The new 3.7 cm Flak 43 was a dramatic improvement over the older models. A new gas-operated breech improved the practical firing rate to 150 RPM, while at the same time dropping in weight to 1,250 kg (2,800 lb) in combat, and mere 2,000 kg (4,400 lb) in transport. The barrel was shortened to 89 calibers. It was also produced in a twin-gun mount, the 3.7 cm Flakzwilling 43, although this version was considered somewhat unwieldy and top-heavy.
The Flak 37 could be found in some numbers mounted to the ubiquitous Sd.Kfz. 7 or later the schwere Wehrmachtschlepper (sWS), but the newer Flak 43 was almost always used in a mobile mounting. Most famous of these were the converted Panzer IVs, first the "interim" Möbelwagen, and later the Ostwind, which was considered particularly deadly.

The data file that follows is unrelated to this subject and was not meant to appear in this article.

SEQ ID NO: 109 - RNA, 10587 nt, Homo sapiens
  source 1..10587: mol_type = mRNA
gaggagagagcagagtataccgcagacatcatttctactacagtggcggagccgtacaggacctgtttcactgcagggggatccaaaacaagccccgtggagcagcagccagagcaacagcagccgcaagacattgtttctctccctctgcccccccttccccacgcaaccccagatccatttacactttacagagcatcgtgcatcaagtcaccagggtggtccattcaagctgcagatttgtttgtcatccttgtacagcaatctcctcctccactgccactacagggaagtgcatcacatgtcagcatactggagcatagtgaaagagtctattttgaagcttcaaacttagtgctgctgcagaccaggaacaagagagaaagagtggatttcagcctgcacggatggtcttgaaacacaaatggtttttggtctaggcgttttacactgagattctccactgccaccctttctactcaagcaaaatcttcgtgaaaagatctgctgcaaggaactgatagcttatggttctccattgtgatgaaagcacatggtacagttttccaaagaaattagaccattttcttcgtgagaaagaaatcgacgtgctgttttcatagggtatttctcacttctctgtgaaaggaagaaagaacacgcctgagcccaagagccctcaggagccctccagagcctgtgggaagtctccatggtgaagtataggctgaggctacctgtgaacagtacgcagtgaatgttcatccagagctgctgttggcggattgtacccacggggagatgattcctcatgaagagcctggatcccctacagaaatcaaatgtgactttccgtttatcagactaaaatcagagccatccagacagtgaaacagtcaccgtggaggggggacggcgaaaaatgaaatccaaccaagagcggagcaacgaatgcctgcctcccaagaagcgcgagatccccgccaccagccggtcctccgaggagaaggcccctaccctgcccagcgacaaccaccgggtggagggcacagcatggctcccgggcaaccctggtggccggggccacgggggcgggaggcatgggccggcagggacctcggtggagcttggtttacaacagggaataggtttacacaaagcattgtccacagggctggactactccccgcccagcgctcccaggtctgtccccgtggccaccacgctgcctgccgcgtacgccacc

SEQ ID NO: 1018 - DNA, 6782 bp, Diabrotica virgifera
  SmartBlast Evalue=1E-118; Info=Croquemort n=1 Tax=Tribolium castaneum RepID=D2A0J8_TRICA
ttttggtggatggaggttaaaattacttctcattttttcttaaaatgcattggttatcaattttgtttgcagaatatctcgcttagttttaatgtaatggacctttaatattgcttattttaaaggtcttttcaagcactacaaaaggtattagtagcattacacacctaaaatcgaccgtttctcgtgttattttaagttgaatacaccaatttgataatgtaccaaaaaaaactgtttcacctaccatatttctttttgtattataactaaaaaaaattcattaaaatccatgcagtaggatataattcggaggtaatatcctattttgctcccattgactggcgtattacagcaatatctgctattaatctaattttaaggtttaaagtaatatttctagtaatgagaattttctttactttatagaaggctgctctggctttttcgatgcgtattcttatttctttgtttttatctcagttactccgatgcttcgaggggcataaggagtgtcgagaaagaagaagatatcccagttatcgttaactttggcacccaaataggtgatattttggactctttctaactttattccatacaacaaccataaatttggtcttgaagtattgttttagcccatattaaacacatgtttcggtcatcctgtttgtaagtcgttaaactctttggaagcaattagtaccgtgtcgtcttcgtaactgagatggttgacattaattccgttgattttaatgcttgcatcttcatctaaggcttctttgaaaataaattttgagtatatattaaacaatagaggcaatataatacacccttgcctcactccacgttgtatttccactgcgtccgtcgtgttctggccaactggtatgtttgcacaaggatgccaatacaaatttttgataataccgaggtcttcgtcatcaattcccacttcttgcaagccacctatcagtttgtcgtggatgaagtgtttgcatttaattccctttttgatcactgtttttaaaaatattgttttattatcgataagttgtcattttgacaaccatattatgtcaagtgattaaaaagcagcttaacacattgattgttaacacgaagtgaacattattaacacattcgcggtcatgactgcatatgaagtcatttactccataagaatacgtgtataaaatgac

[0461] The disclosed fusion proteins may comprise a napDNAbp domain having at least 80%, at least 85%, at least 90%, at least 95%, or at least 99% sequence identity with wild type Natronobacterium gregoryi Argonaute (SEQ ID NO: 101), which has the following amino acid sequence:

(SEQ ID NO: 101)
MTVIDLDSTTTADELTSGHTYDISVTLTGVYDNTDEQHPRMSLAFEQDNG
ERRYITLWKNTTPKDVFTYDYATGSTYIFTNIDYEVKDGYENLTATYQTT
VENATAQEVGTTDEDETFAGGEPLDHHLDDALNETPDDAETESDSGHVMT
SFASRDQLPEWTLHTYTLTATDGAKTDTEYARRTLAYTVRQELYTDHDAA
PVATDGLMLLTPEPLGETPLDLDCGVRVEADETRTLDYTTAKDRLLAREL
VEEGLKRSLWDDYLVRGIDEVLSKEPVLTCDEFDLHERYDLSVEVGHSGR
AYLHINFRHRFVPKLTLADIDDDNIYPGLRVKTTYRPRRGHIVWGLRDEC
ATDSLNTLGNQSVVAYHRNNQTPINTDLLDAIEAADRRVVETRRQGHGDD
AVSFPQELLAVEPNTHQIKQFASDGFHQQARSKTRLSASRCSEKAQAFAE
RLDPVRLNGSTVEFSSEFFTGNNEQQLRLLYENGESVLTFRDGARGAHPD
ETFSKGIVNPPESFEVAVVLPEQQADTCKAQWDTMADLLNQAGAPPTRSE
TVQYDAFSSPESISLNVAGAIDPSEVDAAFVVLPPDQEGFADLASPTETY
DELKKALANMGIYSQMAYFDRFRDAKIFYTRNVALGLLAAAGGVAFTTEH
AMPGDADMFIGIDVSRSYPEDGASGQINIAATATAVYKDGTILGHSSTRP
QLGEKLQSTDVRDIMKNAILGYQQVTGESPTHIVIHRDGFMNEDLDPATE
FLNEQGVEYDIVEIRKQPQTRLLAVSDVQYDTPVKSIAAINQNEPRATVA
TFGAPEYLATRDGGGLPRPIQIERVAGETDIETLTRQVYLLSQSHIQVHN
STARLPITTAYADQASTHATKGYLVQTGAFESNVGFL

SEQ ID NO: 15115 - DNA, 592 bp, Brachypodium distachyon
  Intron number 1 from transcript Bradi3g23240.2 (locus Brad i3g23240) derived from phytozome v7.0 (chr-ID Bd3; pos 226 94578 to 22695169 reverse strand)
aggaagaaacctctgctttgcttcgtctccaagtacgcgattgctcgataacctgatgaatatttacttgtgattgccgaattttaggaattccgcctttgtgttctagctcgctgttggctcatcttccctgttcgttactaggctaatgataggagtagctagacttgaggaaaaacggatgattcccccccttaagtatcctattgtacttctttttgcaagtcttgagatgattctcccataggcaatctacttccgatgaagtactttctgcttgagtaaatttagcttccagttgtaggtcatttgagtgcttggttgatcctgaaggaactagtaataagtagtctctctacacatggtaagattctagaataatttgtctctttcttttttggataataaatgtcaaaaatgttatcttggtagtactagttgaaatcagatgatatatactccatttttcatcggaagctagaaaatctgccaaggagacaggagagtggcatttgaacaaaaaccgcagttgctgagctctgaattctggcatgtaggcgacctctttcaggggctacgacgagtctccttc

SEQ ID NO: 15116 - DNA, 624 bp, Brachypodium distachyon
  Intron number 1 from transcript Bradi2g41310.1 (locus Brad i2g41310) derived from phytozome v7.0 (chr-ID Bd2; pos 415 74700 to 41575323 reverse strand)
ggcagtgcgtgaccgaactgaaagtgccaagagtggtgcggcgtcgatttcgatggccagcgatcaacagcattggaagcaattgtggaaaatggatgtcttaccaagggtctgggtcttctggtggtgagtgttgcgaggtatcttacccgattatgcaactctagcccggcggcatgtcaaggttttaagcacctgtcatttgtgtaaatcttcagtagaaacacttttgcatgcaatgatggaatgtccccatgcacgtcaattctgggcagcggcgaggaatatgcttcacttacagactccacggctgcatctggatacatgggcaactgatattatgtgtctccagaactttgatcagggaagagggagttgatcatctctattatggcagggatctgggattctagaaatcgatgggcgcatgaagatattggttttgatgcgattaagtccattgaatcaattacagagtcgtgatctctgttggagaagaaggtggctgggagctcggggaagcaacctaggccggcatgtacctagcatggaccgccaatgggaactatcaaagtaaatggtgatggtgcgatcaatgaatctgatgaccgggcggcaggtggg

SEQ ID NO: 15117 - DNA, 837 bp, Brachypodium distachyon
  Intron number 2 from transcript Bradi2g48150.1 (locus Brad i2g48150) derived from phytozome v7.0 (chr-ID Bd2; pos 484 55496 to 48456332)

Compared to its closest Allied counterpart, the 40 mm Bofors L/60, the Flak 43 had double the rate of fire and was both notably lighter & more compact; to the Bofors credit it was a slightly more powerful weapon (with greater range, ceiling, and a shorter projectile flight time) that fired a more destructive shell. Large-scale production did not start until 1944 and about 7,216 were produced by end of the war (Zwillings included, each counted as two guns).
Read more about this topic: 3.7 Cm Flak 18/36/37/43
Famous quotes containing the word flak:
“I woke to black flak and the nightmare fighters.
When I died they washed me out of the turret with a hose.”
—Randall Jarrell (19141965)